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Texas Background Check

Background checks are used for a variety of applications. Nowadays, they're an important tool for hiring companies, landlords, and other companies and are crucial for housing or employment approval.

Are you contemplating what you can do to conduct a background check in Texas? This article provides essential information to know about.


Texas Background Check


3 Motives Employers Conduct Background Checks in Texas

Employers have numerous reasons to conduct a Texas background check for your potential hires. Here are some of the most well-known reasons:

  1. General Employment Screening

The majority of companies operating in Texas run background screening on their employees in their normal onboarding process. This allows companies to check the applicant's background and confirm that there are no criminal convictions against the applicant's background.

  1. Managerial Position Screening

Managers have a higher responsibility than employees who are in the typical job. It is normal for employers to background check anyone applying for Manager's post. Managers' background check requirements may be more stringent than those for employees working at entry-level positions.

  1. Screening for individuals in the Professions of Care

First responders, EMS staff caregivers, EMS personnel, and other personnel must deal with vulnerable groups, such as adults and children. To protect their clients and their patients, employers check applicants through an extensive examination. It's standard for potential clients to undergo a background check, criminal records check in addition to any other background check that the company considers valid.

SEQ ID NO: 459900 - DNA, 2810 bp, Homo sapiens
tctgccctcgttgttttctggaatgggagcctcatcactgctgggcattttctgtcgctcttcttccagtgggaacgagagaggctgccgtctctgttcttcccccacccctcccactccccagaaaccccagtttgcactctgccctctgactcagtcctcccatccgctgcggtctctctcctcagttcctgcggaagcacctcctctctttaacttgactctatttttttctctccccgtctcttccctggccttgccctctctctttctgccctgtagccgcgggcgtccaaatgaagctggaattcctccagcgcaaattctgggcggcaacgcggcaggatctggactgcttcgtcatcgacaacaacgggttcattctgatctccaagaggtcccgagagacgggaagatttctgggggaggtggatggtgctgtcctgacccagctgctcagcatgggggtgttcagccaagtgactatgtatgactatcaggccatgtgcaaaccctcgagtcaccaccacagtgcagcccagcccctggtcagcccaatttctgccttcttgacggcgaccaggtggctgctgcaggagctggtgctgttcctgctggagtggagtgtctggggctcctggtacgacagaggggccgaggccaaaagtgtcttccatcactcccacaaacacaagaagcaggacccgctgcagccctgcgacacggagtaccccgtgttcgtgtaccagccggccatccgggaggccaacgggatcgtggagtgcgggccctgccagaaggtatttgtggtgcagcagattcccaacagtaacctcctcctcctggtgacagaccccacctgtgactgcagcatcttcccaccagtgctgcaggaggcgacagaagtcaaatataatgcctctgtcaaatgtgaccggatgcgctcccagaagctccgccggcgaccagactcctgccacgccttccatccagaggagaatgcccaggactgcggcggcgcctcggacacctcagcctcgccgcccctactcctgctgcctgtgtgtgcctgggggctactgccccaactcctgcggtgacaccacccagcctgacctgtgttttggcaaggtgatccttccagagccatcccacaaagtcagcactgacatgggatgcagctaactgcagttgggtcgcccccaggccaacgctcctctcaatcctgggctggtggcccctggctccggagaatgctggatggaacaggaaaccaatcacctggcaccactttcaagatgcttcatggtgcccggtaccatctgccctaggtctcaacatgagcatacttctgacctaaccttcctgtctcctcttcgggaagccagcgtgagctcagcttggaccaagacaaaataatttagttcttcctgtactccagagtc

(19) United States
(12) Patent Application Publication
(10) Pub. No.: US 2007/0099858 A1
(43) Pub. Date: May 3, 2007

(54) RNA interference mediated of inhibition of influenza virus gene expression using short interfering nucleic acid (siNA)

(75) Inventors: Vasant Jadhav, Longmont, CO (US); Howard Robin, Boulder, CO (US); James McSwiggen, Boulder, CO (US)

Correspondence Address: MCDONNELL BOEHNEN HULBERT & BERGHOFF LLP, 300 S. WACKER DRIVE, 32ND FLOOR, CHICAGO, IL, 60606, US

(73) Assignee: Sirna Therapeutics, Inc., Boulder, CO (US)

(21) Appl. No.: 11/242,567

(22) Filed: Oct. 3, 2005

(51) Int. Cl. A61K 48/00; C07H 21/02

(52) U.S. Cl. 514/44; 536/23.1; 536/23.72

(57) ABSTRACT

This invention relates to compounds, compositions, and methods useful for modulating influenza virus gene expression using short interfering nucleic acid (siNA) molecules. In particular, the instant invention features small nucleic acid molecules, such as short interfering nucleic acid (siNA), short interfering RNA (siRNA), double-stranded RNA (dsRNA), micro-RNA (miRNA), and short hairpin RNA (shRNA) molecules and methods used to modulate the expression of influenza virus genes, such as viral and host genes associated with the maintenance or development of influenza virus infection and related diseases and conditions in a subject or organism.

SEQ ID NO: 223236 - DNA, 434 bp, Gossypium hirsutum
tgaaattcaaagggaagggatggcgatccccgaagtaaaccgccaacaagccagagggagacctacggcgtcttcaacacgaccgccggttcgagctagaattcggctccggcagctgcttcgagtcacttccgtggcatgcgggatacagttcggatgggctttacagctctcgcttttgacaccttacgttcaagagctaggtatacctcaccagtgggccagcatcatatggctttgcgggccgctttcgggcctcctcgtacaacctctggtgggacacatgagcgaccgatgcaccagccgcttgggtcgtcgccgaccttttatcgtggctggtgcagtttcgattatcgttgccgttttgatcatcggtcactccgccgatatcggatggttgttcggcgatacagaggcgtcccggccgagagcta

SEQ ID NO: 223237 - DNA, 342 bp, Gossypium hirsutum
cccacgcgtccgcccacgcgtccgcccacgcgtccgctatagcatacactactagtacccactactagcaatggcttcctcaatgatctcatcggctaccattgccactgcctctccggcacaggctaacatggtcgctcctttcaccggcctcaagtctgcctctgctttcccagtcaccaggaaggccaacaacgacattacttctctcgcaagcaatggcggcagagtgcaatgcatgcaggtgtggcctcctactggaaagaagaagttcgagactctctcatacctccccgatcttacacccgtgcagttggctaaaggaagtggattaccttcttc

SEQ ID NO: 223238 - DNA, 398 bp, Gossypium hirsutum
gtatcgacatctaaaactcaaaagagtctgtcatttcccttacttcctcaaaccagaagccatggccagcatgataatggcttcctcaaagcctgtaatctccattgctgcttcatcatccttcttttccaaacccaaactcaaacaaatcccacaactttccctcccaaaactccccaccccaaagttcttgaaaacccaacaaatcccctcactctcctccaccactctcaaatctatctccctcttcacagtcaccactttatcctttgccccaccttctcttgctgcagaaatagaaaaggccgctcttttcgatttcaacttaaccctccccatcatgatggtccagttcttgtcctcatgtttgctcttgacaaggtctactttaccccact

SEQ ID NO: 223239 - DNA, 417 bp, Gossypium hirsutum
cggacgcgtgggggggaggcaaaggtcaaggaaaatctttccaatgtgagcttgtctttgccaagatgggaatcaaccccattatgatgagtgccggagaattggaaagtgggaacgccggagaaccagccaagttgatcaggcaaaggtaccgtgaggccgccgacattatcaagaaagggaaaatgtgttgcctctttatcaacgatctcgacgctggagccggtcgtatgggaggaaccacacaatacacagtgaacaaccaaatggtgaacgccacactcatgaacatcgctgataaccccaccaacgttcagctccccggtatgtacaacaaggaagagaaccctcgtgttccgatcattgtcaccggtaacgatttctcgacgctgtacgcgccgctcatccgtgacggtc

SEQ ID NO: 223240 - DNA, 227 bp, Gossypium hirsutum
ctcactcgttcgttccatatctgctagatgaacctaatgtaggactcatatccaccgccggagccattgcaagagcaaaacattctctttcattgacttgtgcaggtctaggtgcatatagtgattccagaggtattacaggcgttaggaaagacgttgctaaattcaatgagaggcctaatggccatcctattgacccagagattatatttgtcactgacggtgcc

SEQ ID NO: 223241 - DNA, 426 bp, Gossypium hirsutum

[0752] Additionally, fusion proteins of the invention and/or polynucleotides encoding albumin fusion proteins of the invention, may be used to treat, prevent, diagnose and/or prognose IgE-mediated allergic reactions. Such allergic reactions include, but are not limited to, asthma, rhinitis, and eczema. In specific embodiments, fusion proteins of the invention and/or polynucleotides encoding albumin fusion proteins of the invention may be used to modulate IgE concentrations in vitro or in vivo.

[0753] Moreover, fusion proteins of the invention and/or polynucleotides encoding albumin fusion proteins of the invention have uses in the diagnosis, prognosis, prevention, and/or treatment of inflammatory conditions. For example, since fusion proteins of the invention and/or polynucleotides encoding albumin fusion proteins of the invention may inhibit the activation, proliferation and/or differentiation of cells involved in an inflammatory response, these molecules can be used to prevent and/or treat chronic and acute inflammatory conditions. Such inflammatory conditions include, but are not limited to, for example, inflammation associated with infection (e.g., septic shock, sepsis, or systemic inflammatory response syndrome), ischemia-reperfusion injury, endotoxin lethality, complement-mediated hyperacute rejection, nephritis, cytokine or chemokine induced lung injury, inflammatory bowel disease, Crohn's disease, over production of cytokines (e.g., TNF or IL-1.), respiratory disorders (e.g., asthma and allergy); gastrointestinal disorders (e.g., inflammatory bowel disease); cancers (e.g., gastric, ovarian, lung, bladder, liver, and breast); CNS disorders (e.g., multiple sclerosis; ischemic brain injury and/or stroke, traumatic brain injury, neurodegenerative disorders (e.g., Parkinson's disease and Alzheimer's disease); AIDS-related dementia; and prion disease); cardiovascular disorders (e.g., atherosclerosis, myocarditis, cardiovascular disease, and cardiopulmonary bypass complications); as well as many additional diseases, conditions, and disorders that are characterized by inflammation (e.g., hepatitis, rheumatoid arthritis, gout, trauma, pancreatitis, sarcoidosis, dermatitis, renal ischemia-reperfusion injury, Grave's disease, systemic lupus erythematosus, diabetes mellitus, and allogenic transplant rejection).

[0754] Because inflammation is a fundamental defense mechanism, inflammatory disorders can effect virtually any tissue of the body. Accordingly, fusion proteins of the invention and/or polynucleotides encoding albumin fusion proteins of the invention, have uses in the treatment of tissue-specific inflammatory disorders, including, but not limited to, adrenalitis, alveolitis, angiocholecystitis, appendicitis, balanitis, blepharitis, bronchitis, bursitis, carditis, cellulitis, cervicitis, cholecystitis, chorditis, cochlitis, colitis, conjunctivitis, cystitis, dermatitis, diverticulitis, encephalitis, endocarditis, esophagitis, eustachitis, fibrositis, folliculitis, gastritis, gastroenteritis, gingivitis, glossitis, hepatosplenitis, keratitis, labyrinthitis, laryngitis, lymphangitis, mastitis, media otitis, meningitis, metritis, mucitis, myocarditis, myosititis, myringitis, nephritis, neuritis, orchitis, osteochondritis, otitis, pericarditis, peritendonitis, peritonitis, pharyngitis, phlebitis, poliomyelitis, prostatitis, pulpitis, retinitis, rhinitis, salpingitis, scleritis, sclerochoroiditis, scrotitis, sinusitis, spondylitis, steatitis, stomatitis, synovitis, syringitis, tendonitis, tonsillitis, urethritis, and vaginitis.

How do you conduct background checks for applicants in Texas?

In the state of Texas, the Texas Department of Public Safety (or TxDPS) manages all background checks. In addition, this agency is accountable for maintaining its Conviction Database that serves as a central repository of all criminal records publicly available straight from the Computerized Criminal History (CCH) system.

CCH is a unique database. It houses all the criminal records of California from both public and private sources. Only law enforcement agencies that are authorized and criminal justice organizations are able to access CCH.

Public records such as vital and criminal histories as well as court records and other records. In contrast, they are easy to locate within Texas. The Texas Department of Public Safety or the Texas Office of Court Administration manages the records, and organizations can request copies through the appropriate channels.

While your company can conduct its background checks, it's recommended to work with an external background check company like The Koleman Group LLC. By yourself, you'll only have access to information available to the public. While public records are useful, they don't give the full image of an individual's background and could also be missing crucial details about convictions and arrests, which can be found within private files.